And now a small break. To talk about more resources, we've created an autonomic intimacy checklist for couples, which gives you a framework to understand nervous system to nervous system safety with your partner. It's free to download and use. It is available as a link on the episode show notes, and now back to our conversation.
Sangheetha Parthasarathy: Tell us about racing kids and, you're a dad of four and tell us about that.
Aaron Shelley: Well, yeah, I mean this has been interesting because I've had a lot of flexibility with my, I mean my, because I had a business, my Irish dance business, I always was, that was kind of the priority. And then I'd have these other businesses on top of it. And so it was always a little tricky in weighing them, but I always had more flexibility and I would always prioritize it. And also, you know, like I would go to work and then my wife would then be teaching classes at night. So I would come home from work and then I would have to take care of the children. There wasn't this, oh hey, we both went to a work, right? So we kind of, my wife would take care of 'em during the day. I would take care of 'em during the night. She would make meals, I would make meals depending on what we needed. And so it was a very dynamic system. And I look at it and I'm like, well, I was doing a lot of the caregiving at some points, but then so is she, but there's a few books that I've come across, like there's a book called The Boy Crisis by Warren Farrell and John Gray, where they talk about.. Have you seen that one? They talk about boys and there's like 50 bad outcomes that happen if the dad isn't involved and doesn't get a play with them. The biggest was that I thought was a 15 point IQ lowering if they don't have a dad around. Yeah. And so I didn't, choose that necessarily, but because of how my wife and I had it going in our family. I had a lot of time to spend with my kids to train them, to play with them, to, you know, make meals with them. So I prioritized, probably cuz of my mom's teaching, I prioritized how to teach my kids. So all my kids, I taught 'em how to cook and they would cook with me and they would learn and they would work and they'd have, have to clean the house, right? So there were all these factors where, because I had this time of caregiving, but I almost look at it more like it's my, opportunity. And I look at this in the onboarding, I look at it through the business lens of onboarding, right? That's what my job as a parent is. Society is super complicated. We don't really realize it, but there's so many rules and skills and we have Math and English and all the Sciences. So it's like, how do we onboard children into this complex society? That's my job as a parent. And so that's, that was really the focus for us was how do we spend time with our family? Some families, I mean you've probably seen it where they do so many activities with all their kids that they, the wife is essentially just running a limousine, you know, like shuttling kids from one to another. Oh my god, yes.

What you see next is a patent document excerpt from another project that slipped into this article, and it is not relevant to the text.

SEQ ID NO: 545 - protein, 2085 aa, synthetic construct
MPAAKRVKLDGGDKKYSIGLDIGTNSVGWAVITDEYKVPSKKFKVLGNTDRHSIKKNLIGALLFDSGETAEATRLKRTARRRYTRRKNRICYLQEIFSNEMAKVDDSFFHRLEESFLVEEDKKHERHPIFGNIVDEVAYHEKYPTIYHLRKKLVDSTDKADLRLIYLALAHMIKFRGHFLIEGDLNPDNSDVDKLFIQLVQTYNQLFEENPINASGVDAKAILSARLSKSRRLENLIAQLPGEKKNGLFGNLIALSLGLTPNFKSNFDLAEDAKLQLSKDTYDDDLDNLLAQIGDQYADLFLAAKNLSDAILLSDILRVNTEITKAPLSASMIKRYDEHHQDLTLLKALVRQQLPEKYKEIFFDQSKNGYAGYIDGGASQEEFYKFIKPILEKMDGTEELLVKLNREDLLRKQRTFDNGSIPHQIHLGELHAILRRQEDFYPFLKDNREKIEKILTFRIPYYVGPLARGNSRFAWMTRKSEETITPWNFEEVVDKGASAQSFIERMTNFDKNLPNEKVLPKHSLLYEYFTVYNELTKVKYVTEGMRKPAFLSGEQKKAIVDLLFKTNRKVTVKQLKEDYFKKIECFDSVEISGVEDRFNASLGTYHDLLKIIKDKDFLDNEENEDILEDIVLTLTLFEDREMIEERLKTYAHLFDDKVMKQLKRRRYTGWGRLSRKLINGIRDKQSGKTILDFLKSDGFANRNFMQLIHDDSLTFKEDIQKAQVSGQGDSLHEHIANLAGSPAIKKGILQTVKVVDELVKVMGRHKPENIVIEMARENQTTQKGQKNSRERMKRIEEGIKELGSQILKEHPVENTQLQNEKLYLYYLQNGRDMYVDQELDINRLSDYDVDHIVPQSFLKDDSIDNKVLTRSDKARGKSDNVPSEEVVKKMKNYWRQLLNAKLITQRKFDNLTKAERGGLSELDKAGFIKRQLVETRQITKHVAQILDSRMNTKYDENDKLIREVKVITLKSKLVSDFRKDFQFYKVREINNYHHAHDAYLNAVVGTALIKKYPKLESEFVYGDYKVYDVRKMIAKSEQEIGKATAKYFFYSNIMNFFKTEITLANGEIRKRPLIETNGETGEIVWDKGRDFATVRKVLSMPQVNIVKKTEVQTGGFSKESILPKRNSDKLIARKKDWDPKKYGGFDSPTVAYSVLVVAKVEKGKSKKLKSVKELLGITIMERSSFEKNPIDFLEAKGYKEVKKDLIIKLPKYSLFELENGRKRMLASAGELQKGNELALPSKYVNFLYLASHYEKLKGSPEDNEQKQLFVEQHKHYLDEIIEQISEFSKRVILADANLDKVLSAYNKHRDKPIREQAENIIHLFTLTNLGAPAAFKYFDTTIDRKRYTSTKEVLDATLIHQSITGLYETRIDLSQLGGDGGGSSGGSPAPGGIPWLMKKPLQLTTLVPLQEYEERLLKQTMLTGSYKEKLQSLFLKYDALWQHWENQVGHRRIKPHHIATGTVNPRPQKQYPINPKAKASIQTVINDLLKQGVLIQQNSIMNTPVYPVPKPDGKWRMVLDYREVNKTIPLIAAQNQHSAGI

Sangheetha Parthasarathy: Mm-hmm.
Aaron Shelley: So, in our family, I said, all of our kids are gonna Irish dance because with the studios behind my house, right. Where my wife teaches. Again so we chose that so that she wouldn't have to travel.
Sangheetha Parthasarathy: Yes.
Aaron Shelley: Right. Because it was, we wanted to do that. And then they all took Irish dance and then we let them play a few different things, but nothing big. And then we did a lot of stuff as a family, right? I mean, my daughter, they wanted her to play soccer and I was like, that, we're not gonna do that because you want it competitively because it's gonna take too much time, right? So it was very much a prioritizing of our family and our family values and keeping us together, versus, Hey let's see if we can be, make you successful and be a amazing athlete, right? All my kids, we all ski, snow ski, we all, play volleyball, but we've done those things together, hiking, biking, those type of things. But it's because of that intentional restriction on the number of things we're doing because, Oh, that's is huge.
Sangheetha Parthasarathy: I mean, you're saying it as if like it's an actual thing. But I think if you, the instinct is to be competitive, high achievement, focused on, like when if you come with that kind of performance and achievement based either families or messages that you hear from the outside world that can be really hard to do is to actually intentionally slow down and prioritize what's important for the family because it's not sexy. It's not, when you have your kids like, hey, this one won this competition and this one did that, and, all of those things. And then also prioritizing and being very intentional about what makes sense. So you, you're saying it like, it was easy, but I'm sure it, there's that. Yeah.